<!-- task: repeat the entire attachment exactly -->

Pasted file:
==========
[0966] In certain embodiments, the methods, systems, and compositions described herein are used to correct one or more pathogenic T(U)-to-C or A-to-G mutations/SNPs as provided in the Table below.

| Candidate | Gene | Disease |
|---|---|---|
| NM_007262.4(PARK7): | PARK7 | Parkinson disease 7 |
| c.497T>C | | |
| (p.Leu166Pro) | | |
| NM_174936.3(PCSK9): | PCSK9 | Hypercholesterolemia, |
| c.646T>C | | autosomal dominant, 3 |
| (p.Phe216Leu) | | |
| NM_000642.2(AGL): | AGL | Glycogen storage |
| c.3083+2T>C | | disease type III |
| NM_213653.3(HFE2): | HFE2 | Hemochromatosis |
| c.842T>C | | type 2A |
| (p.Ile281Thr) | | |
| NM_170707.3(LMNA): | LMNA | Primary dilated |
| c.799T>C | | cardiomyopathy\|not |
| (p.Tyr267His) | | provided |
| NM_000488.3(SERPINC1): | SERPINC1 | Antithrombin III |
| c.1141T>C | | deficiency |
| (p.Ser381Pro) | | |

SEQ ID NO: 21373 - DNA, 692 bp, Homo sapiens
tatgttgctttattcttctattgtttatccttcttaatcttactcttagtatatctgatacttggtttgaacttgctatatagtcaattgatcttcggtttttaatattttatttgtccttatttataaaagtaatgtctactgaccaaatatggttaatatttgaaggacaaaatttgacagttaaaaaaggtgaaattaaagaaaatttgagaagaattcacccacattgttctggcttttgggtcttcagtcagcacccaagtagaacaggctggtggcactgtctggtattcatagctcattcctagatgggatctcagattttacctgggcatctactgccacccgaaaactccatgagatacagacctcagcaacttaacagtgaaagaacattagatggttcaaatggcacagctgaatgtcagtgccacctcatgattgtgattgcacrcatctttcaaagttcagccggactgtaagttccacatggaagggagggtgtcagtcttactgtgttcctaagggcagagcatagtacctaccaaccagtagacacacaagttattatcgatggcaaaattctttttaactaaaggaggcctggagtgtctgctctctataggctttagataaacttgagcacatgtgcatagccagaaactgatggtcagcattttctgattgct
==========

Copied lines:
[0966] In certain embodiments, the methods, systems, and compositions described herein are used to correct one or more pathogenic T(U)-to-C or A-to-G mutations/SNPs as provided in the Table below.

| Candidate | Gene | Disease |
|---|---|---|
| NM_007262.4(PARK7): | PARK7 | Parkinson disease 7 |
| c.497T>C | | |
| (p.Leu166Pro) | | |
| NM_174936.3(PCSK9): | PCSK9 | Hypercholesterolemia, |
| c.646T>C | | autosomal dominant, 3 |
| (p.Phe216Leu) | | |
| NM_000642.2(AGL): | AGL | Glycogen storage |
| c.3083+2T>C | | disease type III |
| NM_213653.3(HFE2): | HFE2 | Hemochromatosis |
| c.842T>C | | type 2A |
| (p.Ile281Thr) | | |
| NM_170707.3(LMNA): | LMNA | Primary dilated |
| c.799T>C | | cardiomyopathy\|not |
| (p.Tyr267His) | | provided |
| NM_000488.3(SERPINC1): | SERPINC1 | Antithrombin III |
| c.1141T>C | | deficiency |
| (p.Ser381Pro) | | |

SEQ ID NO: 21373 - DNA, 692 bp, Homo sapiens
tatgttgctttattcttctattgtttatccttcttaatcttactcttagtatatctgatacttggtttgaacttgctatatagtcaattgatcttcggtttttaatattttatttgtccttatttataaaagtaatgtctactgaccaaatatggttaatatttgaaggacaaaatttgacagttaaaaaaggtgaaattaaagaaaatttgagaagaattcacccacattgttctggcttttgggtcttcagtcagcacccaagtagaacaggctggtggcactgtctggtattcatagctcattcctagatgggatctcagattttacctgggcatctactgccacccgaaaactccatgagatacagacctcagcaacttaacagtgaaagaacattagatggttcaaatggcacagctgaatgtcagtgccacctcatgattgtgattgcacrcatctttcaaagttcagccggactgtaagttccacatggaagggagggtgtcagtcttactgtgttcctaagggcagagcatagtacctaccaaccagtagacacacaagttattatcgatggcaaaattctttttaactaaaggaggcctggagtgtctgctctctataggctttagataaacttgagcacatgtgcatagccagaaactgatggtcagcattttctgattgct